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New project: 1950s-ish(?) Motobécane Pantin

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New project: 1950s-ish(?) Motobécane Pantin

Old 05-27-17, 06:44 AM
  #1  
mavimao
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New project: 1950s-ish(?) Motobécane Pantin

Hello everyone! I found this bicycle online for 30€ and it caught my eye. I like its vintage look and hope to clean it up and use it as a Sunday stroller kind of bike (I hate having to go slow for family group rides on my kilo TT). My immediate plans are to clean up the frame, replace the cables, replace a wingnut, replace the bartape with some brown faux leather tape, put on a spare Brooks saddle I have lying around and I'll have to probably replace the rear Huret derailleur (UPDATE: actually, in the end, all I needed was a spring which I found online! Here's the thread in the mechanical forum: https://www.bikeforums.net/bicycle-me...l#post19613753). The rims are a bit wobbly so I'll probably have to true those as well.

Long term, I'm thinking of maybe trying to modernize the lighting system, but after a quick Google search, it doesn't seem as easy as I thought. The little generator is missing, so I'll need to find a spare somewhere.

Oh and there seem to be two little pointy hooks behind the seat tube and I'm guessing that's for a pump. Is there some kind of standard size for those?

Anyways, any tips or comments would be great. I'll be sure to come back and put up some 'after' photos.












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Old 05-27-17, 06:47 AM
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You did awesome for 30 euros. I love the bike. C'est magnifique.

On any old bike, I'd pull it entirely apart. That will make it easier to get to any issues with the paint. You want to get on top of any rust issues and wax the frame. You will also want to completely overhaul the bike and replace all the ball bearings. Normally I'd replace all the consumables as well but some of these cables will be tough to find so I'd be careful with them. Good luck finding a RD for your bike. For the pump, just measure the distance between the 2 pegs and find a pump to fit.

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Old 05-27-17, 07:11 AM
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Wonderful find! I think you will really enjoy that bike. Please post photos when you are cleaning it up, especially of details like lugs, bottom bracket, etc. I want to live vicariously through you!
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Old 05-27-17, 07:41 AM
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Wow! I would have gone for that too!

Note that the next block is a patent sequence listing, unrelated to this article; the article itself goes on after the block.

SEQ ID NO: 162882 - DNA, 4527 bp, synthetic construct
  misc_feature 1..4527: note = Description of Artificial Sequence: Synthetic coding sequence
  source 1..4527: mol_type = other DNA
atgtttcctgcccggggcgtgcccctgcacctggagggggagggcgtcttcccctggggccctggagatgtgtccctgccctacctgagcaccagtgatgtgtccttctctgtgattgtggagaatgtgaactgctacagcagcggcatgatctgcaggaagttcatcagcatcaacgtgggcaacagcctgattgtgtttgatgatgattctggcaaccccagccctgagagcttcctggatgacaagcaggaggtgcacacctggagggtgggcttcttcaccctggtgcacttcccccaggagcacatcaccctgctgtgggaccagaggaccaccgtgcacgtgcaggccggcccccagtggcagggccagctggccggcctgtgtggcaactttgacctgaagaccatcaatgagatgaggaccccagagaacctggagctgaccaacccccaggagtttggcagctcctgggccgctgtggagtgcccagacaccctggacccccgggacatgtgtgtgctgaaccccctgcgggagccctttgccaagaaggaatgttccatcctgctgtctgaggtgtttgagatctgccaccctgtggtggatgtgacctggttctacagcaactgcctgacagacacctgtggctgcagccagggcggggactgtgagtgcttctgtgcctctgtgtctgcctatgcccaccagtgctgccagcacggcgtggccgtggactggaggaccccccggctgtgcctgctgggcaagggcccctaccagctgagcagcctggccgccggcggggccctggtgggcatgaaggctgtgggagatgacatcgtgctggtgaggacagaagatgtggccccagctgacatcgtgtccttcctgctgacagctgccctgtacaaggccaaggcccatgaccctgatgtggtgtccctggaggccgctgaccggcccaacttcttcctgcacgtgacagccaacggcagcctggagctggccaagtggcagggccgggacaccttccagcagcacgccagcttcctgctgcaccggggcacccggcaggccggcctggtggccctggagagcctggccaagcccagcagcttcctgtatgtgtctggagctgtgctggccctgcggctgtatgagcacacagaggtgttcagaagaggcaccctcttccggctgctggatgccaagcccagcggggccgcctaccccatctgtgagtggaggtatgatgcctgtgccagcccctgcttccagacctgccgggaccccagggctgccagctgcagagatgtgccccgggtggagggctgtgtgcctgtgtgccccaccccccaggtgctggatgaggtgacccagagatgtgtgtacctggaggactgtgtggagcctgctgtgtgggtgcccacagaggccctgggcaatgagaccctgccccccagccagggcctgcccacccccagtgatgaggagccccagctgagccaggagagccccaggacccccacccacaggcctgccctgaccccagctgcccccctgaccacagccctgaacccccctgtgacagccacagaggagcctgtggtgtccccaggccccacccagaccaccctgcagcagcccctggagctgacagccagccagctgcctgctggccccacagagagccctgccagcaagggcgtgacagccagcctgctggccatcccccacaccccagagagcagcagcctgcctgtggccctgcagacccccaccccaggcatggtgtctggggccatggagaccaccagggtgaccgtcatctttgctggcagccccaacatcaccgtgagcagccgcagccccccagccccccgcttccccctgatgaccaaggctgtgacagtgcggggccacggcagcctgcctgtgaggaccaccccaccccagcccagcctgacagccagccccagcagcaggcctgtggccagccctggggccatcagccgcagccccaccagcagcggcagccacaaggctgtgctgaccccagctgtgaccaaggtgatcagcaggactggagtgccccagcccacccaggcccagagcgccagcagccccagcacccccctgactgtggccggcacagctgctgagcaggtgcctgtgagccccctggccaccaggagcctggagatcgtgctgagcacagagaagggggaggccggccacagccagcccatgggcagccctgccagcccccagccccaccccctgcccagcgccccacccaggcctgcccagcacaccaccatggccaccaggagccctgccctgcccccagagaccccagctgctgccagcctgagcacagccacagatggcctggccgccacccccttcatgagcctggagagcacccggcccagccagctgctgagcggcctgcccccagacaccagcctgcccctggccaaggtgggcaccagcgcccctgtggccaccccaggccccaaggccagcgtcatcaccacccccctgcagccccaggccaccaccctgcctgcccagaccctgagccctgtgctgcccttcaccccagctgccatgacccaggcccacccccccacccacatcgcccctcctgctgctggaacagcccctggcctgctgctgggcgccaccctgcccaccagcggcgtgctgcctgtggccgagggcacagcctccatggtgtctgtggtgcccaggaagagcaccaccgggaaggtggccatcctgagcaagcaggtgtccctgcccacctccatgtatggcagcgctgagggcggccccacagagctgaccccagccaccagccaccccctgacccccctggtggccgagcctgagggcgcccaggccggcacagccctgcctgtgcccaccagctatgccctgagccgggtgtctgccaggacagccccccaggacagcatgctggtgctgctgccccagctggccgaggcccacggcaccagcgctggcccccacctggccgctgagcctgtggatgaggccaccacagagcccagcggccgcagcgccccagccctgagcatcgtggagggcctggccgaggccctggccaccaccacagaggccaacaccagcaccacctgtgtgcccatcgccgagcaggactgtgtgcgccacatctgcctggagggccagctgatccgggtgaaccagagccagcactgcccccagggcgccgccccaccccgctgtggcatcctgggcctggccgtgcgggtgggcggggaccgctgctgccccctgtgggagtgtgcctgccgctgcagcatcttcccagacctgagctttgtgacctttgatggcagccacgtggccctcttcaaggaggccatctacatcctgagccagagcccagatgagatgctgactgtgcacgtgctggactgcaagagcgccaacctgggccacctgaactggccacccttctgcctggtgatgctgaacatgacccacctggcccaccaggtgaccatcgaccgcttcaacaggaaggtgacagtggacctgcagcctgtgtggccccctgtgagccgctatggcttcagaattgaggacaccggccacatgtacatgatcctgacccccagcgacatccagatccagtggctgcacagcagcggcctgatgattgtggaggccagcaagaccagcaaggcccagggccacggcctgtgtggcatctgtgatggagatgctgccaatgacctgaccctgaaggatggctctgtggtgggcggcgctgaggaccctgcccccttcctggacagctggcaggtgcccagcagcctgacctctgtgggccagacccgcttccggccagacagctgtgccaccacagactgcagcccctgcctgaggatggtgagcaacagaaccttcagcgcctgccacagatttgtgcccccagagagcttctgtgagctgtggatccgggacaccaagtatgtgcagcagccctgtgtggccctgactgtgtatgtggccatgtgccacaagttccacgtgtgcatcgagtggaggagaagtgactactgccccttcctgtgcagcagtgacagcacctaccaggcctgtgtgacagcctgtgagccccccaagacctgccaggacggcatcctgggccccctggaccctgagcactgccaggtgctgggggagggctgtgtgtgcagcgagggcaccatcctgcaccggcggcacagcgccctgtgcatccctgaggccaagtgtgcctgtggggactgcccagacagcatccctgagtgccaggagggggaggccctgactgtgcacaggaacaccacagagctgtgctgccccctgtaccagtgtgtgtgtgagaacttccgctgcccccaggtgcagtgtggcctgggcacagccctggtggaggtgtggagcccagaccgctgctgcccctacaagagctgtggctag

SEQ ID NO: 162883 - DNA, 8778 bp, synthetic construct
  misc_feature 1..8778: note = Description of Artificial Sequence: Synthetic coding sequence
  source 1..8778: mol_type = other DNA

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Old 05-27-17, 09:38 AM
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Oh, to be in France...I peruse ebay.fr much too often, search velo ancien, and bikes like the show up often, but for 2-300 Euros, plus shipping to US!

"Bottle cap" dynamos are readily available.



Measure the distance between the pump pegs so you know what size pump to look for. Pashley sells a nice retro pump that would fit.
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Old 05-27-17, 09:50 AM
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Very nice!

Modernizing the lights is not that difficult. Don't throw away the bulbs that are in there, even if they're burned out; you can use the base to make an LED light. Almost any LED will be an improvement. A really first rate light like a modern LED headlight is complicated but something pretty good is easy. More on that later.

Nice bike!
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Old 05-27-17, 12:25 PM
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Thank you for all the nice compliments everyone! I found out in the thread I started in the bike mechanics section that I am missing an external spring that takes up the slack in the chain, so that ensures that I am able to keep the original derailleur. Cool!
@gugie: old French bikes aren't TOO hard to find at a good price. A good place to go is leboncoin.fr which is the French equivalent of Craigslist. Just type in "vélo vintage" or just vélo and then a brand name and you have to sift through a bit. Thanks for the tips!
@rhm: concerning the lights, I had read that the little generators generate AC and that the LEDs need DC power. Maybe I read that wrong...? If it's as easy as it sounds, I'm all ears.
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Old 05-27-17, 01:00 PM
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Originally Posted by mavimao View Post
...
@rhm: concerning the lights, I had read that the little generators generate AC and that the LEDs need DC power. Maybe I read that wrong...? If it's as easy as it sounds, I'm all ears.
That is correct: LED's require DC, dynamos make AC. There are two ways to overcome this obstacle. The "correct" thing to do is to convert the AC to DC with a bridge rectifier, which is not difficult, takes up a small amount of space, and requires four soldered connections.